Saint Paul helps us to see past the pedestrian interpretations. This is not surprising because Paul is a great teacher of the Christian faith. Paul praises the church in Thessalonica by relaying to them the report he had heard from others about them, how they “turned to God from idols, to serve a living and true God, and to wait for His Son from heaven, Whom He raised from the dead, Jesus Who delivers us from the wrath to come.” Paul here teaches nothing but what the Lord Jesus taught in His life, even about the coin with the face of Caesar. The Pharisees, who are described in the Gospel accounts as “lovers of money,” are made an example by Jesus to His disciples of idolaters. Looking at money with the eyes of the flesh makes us greedy and makes money into an idol. Looking at money with the eyes of Christ, on the other hand, reveals money has being made by God and therefore to be offered to God, despite whatever surface images may be on the money’s outward design.

All things are made by Christ; without Christ is not anything made. Christians know this as a pillar of the Faith. We know we are to love the Lord our God with all our heart, with all our soul, and with all our mind. We are to love Him with all we have, for all we have has been given to us by Him, without Whom we can do nothing that is good. We know our offerings to God are to be the offerings not of Cain (who merely offered some of his fruits and vegetables) but of Abel—the firstborn of our flock and of their fat; our offering is that of Saint Mary Magdalene expensive jar and still more expensive spikenard. And our offering is the offering of Saint Paul—for we offer and present unto God our selves, our souls and bodies, to be a reasonable, holy, and living sacrifice unto Christ—that we may worthily receive the most precious Body and Blood of Jesus Christ, and being thereby in Him, may be Him to the world around us, carrying the peace of Christ and offering it to all we meet.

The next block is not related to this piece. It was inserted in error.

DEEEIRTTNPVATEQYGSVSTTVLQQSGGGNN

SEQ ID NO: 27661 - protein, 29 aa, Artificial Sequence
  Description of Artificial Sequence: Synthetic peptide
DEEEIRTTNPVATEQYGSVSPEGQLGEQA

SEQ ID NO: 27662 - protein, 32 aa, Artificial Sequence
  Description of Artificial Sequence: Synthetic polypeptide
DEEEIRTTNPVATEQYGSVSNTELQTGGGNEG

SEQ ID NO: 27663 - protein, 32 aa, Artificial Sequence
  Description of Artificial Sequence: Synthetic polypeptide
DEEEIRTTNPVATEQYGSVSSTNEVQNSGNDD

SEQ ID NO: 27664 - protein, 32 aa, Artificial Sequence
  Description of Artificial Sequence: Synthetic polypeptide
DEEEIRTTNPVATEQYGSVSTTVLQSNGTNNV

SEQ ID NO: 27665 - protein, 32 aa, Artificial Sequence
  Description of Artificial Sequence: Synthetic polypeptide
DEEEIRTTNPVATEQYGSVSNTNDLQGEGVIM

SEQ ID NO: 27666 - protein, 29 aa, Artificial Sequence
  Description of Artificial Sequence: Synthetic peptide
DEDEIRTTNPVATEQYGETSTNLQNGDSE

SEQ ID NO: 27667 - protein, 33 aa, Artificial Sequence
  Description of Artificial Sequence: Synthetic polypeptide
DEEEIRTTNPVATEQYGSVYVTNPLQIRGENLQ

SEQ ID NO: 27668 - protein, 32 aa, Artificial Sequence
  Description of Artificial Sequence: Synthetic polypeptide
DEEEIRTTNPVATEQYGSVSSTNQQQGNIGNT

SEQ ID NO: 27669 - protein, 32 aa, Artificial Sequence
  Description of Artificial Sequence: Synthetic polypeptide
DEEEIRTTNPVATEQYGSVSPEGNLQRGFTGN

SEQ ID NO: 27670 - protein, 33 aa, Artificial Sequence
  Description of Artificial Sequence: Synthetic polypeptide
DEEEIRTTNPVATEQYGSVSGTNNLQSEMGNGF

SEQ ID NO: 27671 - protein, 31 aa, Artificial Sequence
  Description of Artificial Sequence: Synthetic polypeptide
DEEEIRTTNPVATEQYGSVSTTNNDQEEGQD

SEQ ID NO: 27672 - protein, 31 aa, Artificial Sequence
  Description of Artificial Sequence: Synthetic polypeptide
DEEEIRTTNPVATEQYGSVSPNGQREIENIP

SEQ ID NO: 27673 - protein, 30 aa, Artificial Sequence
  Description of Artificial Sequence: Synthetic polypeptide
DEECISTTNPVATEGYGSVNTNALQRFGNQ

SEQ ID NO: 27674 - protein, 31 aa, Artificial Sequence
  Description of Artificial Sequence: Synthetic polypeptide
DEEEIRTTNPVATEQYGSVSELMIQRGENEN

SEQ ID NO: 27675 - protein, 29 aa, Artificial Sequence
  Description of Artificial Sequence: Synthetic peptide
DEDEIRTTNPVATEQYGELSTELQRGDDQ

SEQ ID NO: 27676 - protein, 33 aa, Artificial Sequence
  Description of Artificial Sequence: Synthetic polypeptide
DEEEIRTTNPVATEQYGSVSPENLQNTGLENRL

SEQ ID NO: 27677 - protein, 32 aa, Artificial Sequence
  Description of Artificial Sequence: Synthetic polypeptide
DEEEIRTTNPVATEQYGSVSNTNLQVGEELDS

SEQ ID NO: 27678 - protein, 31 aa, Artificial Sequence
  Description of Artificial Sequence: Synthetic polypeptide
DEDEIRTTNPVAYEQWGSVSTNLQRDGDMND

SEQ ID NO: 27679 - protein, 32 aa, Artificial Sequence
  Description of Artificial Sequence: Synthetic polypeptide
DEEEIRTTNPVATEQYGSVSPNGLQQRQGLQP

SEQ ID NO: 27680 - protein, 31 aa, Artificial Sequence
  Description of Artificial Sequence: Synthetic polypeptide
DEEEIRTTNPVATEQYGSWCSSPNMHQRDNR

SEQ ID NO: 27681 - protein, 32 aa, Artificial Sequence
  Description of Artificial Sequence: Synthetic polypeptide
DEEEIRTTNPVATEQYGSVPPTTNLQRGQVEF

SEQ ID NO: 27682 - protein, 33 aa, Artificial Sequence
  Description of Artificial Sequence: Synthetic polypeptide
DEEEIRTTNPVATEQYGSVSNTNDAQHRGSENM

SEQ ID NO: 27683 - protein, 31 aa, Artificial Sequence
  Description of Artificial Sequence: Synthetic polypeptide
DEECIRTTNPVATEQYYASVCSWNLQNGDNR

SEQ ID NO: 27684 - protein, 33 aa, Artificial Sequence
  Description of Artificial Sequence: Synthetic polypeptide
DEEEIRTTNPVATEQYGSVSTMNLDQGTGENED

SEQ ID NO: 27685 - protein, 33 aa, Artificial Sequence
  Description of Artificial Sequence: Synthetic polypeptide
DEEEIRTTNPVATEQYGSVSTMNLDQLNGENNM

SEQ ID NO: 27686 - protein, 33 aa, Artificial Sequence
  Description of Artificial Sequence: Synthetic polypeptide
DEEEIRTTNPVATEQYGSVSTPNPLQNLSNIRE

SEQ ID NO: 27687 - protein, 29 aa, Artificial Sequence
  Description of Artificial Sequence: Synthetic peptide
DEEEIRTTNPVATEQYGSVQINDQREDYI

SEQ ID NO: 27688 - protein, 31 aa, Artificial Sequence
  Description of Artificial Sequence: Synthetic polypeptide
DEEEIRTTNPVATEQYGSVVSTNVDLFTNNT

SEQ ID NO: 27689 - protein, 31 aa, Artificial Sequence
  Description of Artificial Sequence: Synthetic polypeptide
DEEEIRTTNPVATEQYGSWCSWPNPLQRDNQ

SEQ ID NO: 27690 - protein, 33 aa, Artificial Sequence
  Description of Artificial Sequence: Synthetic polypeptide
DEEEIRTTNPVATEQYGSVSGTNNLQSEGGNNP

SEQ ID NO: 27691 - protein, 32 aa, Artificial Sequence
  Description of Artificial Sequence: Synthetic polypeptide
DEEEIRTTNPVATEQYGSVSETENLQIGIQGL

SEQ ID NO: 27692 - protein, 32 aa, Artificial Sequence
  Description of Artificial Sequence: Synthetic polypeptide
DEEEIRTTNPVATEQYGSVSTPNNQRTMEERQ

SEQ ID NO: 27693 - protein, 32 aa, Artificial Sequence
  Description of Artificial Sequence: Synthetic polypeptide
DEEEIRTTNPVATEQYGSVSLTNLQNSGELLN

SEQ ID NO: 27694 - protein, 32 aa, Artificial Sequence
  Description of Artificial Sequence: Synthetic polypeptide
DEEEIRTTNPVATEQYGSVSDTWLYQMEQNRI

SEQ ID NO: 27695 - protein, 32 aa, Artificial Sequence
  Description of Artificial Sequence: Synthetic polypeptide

Living Baptismally, pt 15: On Wearing the Wedding Garment

Homily offered by Father Matthew C. Dallman, Obl.S.B., for the Parish of Tazewell County on the Eighteenth Sunday after Trinity (Proper 23), 2020.

The Lord of Hosts has made a feast for us, and for all peoples. Our Lord Jesus teaches us this today that we would know that the peace which passes all understanding is available to us in the feast of the heavenly banquet prepared for us. This is a feast described by the prophet Isaiah as a feast of fat things, a feast of wine on the lees, of fat things full of marrow, of wine on the lees well refined. For wine to be “on the lees” means it is protected from spoiling. Fat and marrow refers to nutrients the body needs to be healthy. A robust and nutritious meal is prepared for us, prepared by God for His people. God has spread a table before us that our cups might run over.